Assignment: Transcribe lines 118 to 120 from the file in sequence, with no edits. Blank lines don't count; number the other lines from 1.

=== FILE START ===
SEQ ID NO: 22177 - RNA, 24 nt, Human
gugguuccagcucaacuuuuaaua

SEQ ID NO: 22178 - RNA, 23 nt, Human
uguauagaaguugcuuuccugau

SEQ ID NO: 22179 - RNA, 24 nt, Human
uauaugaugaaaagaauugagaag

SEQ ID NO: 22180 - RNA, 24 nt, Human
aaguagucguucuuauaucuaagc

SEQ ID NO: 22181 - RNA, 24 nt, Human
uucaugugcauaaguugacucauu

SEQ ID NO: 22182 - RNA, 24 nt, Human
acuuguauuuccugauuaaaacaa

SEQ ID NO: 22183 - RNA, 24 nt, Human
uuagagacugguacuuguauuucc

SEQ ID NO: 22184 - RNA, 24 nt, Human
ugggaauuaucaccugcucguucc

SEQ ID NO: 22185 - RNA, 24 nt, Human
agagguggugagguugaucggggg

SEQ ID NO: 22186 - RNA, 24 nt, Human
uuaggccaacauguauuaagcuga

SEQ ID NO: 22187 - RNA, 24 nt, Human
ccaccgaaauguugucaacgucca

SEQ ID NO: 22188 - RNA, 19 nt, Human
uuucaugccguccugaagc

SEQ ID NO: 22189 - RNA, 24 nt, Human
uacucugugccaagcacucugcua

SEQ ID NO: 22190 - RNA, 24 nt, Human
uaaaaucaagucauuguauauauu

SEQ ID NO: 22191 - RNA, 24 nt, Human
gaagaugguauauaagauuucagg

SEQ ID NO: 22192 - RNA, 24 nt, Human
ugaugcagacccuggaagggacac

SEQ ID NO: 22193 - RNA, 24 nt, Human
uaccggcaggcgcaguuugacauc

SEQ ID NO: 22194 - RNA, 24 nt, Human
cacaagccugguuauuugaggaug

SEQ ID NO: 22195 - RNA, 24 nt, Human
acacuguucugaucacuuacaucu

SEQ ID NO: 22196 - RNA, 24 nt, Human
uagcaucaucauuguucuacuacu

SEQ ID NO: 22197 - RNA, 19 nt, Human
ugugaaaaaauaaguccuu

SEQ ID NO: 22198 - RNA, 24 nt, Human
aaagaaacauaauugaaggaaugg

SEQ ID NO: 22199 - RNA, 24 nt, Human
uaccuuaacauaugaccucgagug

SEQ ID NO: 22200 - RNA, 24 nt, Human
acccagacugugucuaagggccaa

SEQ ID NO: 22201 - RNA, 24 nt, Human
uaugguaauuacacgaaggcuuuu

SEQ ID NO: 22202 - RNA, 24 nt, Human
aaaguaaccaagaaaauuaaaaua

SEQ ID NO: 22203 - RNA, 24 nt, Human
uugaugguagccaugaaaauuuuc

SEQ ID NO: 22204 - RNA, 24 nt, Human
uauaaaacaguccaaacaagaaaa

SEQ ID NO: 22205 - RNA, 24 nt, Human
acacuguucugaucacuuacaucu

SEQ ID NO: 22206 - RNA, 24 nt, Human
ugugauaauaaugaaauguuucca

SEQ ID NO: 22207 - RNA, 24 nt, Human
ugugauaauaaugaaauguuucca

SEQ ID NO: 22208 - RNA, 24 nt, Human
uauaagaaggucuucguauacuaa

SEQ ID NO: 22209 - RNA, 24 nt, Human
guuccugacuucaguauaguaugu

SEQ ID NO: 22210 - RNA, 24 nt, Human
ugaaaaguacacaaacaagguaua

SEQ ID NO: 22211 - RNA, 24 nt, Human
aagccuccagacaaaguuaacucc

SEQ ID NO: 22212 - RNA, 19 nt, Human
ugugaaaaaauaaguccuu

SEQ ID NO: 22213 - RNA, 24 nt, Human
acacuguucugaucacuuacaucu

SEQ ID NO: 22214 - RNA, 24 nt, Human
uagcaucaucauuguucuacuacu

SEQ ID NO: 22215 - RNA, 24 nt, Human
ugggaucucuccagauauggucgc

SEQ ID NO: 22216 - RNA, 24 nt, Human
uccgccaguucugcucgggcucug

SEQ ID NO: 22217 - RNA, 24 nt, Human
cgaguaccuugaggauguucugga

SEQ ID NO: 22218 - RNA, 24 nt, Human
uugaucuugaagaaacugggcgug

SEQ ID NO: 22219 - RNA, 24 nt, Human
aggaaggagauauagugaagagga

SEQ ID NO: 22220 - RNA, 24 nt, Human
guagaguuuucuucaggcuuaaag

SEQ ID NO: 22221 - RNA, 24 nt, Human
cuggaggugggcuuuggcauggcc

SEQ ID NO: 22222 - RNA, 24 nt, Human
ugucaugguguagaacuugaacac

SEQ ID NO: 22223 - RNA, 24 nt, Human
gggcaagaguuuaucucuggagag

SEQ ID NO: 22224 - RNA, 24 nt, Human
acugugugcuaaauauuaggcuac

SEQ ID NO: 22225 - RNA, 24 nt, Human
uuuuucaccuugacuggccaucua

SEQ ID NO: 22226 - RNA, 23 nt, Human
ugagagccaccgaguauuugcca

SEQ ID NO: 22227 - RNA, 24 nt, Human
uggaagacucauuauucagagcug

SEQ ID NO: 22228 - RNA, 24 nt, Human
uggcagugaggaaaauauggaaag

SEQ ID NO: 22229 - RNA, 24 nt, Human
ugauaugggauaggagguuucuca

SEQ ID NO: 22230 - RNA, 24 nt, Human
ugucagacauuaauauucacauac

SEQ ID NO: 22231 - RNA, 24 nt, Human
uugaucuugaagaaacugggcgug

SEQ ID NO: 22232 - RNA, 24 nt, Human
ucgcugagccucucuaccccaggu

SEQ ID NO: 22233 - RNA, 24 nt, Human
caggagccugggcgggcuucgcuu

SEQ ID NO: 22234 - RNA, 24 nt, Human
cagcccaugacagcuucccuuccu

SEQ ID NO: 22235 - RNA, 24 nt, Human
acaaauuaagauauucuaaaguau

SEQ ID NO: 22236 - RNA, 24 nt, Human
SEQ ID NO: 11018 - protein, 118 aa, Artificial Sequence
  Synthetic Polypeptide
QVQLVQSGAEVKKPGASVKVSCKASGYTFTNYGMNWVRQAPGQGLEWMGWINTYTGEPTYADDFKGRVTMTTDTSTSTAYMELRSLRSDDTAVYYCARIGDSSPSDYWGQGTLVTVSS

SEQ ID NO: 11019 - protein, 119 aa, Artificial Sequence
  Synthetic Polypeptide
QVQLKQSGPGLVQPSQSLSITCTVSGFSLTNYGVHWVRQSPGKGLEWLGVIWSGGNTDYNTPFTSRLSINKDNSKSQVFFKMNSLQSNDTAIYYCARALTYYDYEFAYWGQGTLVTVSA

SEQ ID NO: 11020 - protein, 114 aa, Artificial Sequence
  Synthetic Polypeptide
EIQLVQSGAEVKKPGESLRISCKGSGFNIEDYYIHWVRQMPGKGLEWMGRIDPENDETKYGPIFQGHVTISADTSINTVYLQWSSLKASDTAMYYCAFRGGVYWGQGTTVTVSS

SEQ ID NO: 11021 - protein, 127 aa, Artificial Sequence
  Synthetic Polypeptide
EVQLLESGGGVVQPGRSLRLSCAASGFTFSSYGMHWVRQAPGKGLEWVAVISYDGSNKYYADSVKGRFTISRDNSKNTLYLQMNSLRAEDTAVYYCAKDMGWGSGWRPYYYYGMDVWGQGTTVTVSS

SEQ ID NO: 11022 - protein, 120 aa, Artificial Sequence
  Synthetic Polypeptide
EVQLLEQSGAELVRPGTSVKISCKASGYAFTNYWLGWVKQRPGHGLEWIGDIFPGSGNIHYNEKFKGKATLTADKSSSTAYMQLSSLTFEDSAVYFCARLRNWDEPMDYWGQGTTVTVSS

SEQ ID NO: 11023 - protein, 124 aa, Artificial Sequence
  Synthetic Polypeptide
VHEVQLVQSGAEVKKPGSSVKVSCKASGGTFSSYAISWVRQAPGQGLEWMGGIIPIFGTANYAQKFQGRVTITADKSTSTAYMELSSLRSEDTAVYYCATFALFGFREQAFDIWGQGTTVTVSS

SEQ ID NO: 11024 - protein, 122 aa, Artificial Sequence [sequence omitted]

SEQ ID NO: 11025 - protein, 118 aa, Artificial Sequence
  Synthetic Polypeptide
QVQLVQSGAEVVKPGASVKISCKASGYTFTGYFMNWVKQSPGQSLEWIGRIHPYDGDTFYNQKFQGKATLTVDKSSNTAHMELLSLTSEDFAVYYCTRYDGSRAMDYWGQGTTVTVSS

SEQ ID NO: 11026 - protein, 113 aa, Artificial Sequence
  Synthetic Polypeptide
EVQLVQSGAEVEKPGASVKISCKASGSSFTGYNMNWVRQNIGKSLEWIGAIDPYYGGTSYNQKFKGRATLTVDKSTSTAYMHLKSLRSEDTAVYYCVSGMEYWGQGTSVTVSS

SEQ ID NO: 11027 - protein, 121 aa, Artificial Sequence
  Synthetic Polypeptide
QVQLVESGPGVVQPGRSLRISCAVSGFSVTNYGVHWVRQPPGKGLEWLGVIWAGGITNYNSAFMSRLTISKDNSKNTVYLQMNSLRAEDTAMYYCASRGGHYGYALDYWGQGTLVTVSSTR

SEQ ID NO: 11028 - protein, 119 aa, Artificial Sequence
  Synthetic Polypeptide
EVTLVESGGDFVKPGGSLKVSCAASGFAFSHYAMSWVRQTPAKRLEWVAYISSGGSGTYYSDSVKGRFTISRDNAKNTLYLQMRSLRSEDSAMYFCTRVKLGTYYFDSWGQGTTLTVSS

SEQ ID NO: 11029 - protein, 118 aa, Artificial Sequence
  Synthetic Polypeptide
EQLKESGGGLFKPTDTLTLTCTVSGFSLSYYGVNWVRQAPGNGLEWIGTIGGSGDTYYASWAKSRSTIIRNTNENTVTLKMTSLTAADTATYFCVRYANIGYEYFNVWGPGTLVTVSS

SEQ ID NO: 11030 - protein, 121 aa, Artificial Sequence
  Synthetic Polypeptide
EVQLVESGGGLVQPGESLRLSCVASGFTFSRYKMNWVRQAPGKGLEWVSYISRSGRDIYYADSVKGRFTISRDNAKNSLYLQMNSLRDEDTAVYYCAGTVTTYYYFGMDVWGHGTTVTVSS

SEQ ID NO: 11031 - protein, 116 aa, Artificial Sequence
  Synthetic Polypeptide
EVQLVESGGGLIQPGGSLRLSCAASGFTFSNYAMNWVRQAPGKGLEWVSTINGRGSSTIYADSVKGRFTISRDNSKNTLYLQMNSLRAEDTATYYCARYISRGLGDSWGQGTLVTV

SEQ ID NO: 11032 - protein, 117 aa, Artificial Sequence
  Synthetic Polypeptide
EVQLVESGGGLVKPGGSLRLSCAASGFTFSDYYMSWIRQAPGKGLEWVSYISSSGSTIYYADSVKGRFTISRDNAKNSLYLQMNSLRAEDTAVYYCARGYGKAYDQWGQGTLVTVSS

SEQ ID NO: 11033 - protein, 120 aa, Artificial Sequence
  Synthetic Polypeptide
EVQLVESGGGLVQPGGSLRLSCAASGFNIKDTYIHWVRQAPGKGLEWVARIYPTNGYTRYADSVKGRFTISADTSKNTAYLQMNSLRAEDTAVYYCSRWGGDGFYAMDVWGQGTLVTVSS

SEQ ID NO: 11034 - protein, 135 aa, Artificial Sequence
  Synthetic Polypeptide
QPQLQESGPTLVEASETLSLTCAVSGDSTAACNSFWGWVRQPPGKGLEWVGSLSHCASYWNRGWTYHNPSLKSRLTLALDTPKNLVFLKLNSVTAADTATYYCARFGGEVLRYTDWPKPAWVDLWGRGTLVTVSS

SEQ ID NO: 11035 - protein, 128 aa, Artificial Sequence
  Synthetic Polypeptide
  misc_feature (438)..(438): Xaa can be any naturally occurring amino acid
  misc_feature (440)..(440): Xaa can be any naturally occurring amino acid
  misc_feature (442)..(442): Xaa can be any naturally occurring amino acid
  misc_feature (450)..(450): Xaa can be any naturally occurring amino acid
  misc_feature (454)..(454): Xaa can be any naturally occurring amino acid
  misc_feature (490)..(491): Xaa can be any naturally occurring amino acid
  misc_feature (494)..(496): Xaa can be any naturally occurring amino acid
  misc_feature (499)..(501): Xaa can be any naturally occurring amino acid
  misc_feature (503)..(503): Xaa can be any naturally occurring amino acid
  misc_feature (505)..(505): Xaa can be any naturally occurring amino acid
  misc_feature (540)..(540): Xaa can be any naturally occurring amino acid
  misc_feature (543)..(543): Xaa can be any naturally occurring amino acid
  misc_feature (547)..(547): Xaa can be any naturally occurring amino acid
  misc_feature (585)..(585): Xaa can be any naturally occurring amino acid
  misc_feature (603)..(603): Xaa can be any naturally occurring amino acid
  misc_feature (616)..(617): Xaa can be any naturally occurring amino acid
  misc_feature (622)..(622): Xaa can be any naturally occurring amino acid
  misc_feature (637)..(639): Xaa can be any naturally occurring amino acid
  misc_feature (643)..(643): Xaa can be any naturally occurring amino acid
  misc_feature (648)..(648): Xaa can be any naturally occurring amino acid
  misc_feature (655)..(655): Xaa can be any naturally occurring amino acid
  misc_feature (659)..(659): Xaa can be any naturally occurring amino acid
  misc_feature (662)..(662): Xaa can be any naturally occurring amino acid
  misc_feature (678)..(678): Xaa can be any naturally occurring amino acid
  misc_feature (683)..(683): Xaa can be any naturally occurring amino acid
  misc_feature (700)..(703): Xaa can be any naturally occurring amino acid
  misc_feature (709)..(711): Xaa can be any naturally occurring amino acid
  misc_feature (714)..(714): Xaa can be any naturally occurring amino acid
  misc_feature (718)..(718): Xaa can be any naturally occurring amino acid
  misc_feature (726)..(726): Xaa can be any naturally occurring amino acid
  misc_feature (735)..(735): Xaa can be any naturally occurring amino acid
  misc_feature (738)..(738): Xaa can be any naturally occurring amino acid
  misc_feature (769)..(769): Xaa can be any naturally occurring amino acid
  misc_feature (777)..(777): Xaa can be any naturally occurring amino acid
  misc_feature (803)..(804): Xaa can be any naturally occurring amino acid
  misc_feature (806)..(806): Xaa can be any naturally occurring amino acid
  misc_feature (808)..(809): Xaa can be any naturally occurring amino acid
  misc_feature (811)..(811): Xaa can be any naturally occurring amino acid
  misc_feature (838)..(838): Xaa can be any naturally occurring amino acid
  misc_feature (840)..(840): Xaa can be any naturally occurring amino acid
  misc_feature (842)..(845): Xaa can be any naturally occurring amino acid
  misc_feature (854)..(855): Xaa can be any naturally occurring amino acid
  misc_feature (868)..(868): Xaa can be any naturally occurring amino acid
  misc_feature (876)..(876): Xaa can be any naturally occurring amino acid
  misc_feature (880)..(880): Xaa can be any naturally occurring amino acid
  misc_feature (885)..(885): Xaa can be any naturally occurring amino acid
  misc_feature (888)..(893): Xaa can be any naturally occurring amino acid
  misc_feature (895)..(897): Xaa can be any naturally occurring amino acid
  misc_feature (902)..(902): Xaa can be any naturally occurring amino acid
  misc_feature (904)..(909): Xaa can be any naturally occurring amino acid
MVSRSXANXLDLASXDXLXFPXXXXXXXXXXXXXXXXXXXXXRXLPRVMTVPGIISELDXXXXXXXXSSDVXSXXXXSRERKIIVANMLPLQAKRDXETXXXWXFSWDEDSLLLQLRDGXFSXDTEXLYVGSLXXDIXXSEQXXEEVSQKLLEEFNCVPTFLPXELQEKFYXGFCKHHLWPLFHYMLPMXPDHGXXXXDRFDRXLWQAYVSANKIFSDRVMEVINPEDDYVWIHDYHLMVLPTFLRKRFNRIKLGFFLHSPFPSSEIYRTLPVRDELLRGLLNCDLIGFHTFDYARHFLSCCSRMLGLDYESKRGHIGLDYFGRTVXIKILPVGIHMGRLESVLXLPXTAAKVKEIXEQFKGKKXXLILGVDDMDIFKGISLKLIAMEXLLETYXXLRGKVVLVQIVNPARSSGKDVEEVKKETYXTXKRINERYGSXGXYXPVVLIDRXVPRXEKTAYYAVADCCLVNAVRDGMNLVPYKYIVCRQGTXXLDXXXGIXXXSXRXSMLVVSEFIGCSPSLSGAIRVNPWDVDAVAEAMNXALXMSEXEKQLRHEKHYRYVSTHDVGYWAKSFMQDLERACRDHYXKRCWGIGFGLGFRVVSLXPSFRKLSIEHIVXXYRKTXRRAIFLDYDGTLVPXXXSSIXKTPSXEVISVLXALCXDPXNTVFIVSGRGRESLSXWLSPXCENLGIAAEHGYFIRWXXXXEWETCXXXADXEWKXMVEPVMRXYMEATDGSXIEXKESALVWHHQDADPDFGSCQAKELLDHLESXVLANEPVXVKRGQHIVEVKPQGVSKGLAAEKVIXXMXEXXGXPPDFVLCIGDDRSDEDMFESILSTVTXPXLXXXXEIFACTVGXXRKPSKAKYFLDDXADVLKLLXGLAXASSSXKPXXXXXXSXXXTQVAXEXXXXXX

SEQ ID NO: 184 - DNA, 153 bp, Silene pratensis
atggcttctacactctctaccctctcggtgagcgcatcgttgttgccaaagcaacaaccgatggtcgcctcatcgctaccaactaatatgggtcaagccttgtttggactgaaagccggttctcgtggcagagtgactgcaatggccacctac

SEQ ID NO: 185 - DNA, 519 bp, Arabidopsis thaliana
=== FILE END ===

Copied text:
acaaauuaagauauucuaaaguau

SEQ ID NO: 22236 - RNA, 24 nt, Human
SEQ ID NO: 11018 - protein, 118 aa, Artificial Sequence